A startup called Green Power Exchange aims to muscle into the crowded blockchain-based peer-to-peer energy trading space with a 600-megawatt generation portfolio.

The company hopes the solar assets, spread over Austria, Canada, Germany, Ireland, the Netherlands, the U.K. and the U.S, will help it steal a lead on more established blockchain peer-to-peer energy trading players such as WePower, Power Ledger, Restart Energy and Grid+.

Green Power Exchange (GPX) wants to create a platform where consumers can buy electrons directly from solar projects using smart contracts. An investor presentation reviewed by GTM says GPX, which is scheduled to launch its platform in 2019 following an initial coin offering (ICO) in the third quarter of this year, will open for business with 62 active projects generating more than 3.3 terawatt-hours of energy a year.

None of GPX’s rivals have yet to accumulate more than 10 active projects, according to the presentation.

GPX’s launch-date portfolio will be supplied entirely through Solar Provider Group, a Toronto, Canada-based PV plant developer. Christian Wentzel, one of SPG’s co-founders, is also co-founder of GPX.

Other members of the GPX management team, including North America and Europe Senior Managers Kit Harrison and Tom Helliwell, are also former SPG staffers.

The GPX team “has founded and built multimillion-dollar companies across multiple countries,” states the presentation, and the founders are “ready to do it again, but for a bigger market and bigger venture.”

Accordingly, GPX is looking to raise more ICO cash than most rivals. It put a hard cap of $112 million on fundraising, which will be split between a private presale already underway, a pre-ICO sale starting June 6, and an ICO to be conducted from Sept. 5 to Sept. 28.

That amount compares to $100 million raised by Envion, $30 million each by WePower and Restart Energy, $29 million by Grid+, and $26.6 million by Power Ledger, according to the GPX presentation.

The capital raise would allow GPX to launch simultaneously in all of its target territories, said Helliwell. However, GPX has also set a lower limit of $6 million that would allow it to fund a more modest launch.

Assuming the company’s fundraising and development plans pan out, GPX expects to start trading on its Ethereum-based platform and grow generation capacity up to 900 megawatts, including some wind projects, next year.

This will be followed in 2020 with the addition of energy storage assets onto the portfolio, and expansion into Asia and other developing markets, the GPX investor presentation said. But Helliwell admitted GPX has no customers at present.

The energy blockchain sector is moving fast, and many of GPX’s competitors are racing ahead after raising substantial amounts of ICO cash.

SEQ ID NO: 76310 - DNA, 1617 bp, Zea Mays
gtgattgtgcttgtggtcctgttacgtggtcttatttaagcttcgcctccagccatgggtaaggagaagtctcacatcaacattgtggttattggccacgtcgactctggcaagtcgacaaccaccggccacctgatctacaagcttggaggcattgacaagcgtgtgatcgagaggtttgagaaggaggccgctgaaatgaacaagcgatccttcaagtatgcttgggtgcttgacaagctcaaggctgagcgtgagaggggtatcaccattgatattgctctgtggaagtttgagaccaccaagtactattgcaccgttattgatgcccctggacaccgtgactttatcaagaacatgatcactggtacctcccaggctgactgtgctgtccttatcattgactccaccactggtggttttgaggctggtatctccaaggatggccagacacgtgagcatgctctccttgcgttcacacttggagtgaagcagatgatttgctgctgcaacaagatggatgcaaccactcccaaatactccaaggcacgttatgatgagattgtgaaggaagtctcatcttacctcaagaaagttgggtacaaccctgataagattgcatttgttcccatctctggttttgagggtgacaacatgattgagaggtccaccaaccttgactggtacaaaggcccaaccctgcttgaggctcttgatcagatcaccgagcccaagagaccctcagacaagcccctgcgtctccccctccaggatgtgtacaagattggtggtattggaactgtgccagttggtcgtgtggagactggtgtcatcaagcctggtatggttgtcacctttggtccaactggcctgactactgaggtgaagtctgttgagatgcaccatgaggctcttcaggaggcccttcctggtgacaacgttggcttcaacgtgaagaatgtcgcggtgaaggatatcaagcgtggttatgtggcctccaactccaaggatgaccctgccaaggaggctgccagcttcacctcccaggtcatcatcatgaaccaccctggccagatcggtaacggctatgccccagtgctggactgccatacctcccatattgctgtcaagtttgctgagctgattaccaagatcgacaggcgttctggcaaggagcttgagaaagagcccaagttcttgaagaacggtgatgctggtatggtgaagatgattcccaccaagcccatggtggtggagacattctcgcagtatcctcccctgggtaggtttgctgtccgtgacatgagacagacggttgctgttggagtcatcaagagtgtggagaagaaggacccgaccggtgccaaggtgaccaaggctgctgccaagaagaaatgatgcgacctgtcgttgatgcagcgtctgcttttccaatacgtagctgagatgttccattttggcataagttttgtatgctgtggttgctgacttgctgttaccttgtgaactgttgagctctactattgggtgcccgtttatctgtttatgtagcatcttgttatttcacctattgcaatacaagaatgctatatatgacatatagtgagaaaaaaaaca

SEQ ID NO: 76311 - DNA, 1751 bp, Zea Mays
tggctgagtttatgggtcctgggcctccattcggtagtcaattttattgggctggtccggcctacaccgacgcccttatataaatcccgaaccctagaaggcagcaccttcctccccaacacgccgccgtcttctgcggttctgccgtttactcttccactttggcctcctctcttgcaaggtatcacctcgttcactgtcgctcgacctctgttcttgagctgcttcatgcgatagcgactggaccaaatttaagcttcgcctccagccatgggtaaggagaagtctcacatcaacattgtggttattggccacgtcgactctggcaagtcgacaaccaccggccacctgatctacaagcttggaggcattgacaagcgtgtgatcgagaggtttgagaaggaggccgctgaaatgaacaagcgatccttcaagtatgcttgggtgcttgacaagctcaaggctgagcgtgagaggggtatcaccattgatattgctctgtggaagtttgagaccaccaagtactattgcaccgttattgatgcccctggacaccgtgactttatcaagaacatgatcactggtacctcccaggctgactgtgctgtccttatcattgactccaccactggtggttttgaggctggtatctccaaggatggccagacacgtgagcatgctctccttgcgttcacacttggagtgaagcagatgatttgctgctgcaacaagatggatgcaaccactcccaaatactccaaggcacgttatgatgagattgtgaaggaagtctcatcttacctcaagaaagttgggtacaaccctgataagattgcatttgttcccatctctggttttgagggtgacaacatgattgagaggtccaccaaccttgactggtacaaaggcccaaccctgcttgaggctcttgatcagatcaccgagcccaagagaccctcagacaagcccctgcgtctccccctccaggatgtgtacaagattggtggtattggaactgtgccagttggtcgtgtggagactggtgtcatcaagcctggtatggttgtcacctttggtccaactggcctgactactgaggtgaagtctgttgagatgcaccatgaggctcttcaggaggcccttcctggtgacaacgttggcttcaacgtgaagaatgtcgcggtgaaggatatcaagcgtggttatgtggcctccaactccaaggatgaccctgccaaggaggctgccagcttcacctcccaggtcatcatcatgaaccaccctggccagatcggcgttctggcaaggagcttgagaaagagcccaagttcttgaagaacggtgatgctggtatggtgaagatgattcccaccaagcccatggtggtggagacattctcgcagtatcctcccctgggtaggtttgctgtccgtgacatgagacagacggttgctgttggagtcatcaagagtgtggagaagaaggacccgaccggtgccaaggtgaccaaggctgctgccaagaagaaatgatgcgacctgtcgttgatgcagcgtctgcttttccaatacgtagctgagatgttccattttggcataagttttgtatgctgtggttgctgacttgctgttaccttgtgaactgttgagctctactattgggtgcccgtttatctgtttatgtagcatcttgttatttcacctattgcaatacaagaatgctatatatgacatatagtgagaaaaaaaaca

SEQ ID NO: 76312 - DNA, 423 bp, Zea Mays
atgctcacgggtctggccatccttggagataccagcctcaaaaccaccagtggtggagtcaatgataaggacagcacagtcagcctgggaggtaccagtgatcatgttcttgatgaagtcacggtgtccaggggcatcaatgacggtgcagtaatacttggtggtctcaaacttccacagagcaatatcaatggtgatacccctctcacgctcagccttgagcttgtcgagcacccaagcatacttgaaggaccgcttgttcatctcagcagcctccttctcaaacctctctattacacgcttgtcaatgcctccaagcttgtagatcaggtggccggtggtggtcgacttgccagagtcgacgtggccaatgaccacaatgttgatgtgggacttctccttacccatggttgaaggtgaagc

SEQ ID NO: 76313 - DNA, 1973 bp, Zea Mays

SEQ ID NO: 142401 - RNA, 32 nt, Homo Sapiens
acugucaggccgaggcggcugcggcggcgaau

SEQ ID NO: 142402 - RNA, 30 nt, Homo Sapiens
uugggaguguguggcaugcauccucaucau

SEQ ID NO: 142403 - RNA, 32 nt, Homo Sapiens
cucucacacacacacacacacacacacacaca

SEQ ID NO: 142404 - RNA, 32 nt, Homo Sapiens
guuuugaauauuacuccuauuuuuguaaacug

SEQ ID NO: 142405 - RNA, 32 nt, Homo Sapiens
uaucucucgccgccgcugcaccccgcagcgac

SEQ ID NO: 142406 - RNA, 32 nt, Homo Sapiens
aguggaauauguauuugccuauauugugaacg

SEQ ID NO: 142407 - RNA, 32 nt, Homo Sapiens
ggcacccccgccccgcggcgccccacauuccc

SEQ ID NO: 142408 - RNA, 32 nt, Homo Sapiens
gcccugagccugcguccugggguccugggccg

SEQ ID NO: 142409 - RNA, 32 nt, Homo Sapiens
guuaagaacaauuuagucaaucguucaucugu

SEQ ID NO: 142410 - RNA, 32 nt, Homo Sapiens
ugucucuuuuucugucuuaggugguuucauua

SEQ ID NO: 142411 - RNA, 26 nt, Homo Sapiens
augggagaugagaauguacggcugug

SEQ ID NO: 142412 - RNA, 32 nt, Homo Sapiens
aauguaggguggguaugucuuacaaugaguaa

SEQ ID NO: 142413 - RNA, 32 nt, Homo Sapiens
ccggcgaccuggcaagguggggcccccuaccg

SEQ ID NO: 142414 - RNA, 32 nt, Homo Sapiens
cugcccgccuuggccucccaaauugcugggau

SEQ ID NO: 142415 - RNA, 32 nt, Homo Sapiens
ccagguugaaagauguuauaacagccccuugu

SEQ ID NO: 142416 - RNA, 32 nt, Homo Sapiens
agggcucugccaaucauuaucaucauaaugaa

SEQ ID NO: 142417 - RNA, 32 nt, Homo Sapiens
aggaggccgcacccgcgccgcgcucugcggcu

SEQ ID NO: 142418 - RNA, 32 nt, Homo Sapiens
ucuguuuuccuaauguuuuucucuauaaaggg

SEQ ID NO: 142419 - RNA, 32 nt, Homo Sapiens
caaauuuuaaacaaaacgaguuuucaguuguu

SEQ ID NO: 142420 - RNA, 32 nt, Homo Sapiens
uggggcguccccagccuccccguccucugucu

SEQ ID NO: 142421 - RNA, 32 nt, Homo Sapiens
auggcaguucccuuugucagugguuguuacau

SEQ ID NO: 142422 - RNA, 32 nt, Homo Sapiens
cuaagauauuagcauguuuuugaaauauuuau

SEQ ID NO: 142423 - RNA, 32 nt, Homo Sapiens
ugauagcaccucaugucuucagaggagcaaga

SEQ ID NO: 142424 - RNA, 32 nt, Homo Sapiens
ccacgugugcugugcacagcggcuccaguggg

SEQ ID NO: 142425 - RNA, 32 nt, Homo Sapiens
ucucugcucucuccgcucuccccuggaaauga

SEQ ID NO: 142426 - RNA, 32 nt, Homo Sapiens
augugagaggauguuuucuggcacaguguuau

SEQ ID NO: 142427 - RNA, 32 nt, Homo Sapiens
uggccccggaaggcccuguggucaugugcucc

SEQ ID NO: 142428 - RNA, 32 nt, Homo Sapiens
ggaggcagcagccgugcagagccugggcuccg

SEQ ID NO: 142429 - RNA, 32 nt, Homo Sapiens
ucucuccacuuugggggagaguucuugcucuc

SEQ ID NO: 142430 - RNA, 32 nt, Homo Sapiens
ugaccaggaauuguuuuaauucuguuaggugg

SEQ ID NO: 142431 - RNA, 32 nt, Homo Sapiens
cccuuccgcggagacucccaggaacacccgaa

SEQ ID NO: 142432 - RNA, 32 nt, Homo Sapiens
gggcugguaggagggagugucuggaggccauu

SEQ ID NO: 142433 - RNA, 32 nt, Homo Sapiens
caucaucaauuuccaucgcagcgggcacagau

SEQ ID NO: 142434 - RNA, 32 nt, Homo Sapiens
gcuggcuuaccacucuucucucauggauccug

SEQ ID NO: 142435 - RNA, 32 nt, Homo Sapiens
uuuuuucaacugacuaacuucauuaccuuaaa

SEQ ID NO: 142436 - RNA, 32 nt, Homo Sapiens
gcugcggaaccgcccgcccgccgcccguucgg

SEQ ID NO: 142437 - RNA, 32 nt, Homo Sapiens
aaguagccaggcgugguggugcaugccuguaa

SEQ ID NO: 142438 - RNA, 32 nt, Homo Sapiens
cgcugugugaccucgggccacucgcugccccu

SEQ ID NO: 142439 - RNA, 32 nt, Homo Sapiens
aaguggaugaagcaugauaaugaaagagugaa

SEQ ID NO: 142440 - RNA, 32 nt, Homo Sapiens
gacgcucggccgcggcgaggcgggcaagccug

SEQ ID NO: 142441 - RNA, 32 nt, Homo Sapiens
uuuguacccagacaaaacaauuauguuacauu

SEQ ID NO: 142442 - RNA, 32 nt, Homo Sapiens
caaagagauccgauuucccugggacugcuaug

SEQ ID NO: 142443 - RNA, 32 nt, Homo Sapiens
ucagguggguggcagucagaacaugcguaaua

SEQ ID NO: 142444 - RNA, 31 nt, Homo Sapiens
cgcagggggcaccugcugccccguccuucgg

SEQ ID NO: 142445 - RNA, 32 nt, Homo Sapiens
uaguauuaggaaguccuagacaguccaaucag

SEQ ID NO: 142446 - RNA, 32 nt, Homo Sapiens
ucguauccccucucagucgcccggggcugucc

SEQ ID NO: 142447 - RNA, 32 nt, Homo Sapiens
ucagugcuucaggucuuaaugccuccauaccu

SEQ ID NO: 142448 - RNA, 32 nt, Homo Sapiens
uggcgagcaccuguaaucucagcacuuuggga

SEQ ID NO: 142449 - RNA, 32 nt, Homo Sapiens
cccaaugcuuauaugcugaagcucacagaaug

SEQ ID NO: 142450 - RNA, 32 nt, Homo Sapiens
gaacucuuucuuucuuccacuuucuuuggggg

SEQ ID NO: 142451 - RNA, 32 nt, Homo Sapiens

WePower, for example, has offices in Australia, Estonia, Lithuania and Spain, with plans to start trading in the latter market later this year, CEO and co-founder Nikolaj Martyniuk told GTM in January. The company is also pondering expansion into Portugal and Italy.  

Power Ledger, meanwhile, is reported to be harboring U.S. market ambitions, with plans to finance microgrids on Puerto Rico. These are just two of the more advanced players in an increasingly crowded field.

Other companies developing blockchain-based energy trading platforms include Drift, Electrify Asia, Electron, EnLedger, Greeneum, Jouliette, KWHCoin, Platinum Energy, Prosume, Pylon Network, Solar Bankers, Sun Contract, Wattcoin and XiWatt to name a few.

It's not clear, however, if these blockchain startups can address the basic problems in deregulated energy markets, namely, that consumers are often preyed upon. "For those of us following blockchain in the energy market, this brings up a number of important questions: Is this an ideal market to disrupt? Or will it be susceptible to the bad business practices that the current retail choice landscape is experiencing?" wrote GTM Chairman Scott Clavenna in a recent column at GTM Squared.

Already there are signs that enthusiasm for further blockchain startups may have peaked. The cryptocurrency sector website CoinDesk shows that the number of ICOs worldwide rose slightly in March and April this year, to 69 last month, but was still down from an all-time high of 78 in December 2017.

Total ICO funding, meanwhile, has dropped sharply in recent months, from a record of almost $2.4 billion in February 2017 to less than $726 million in April.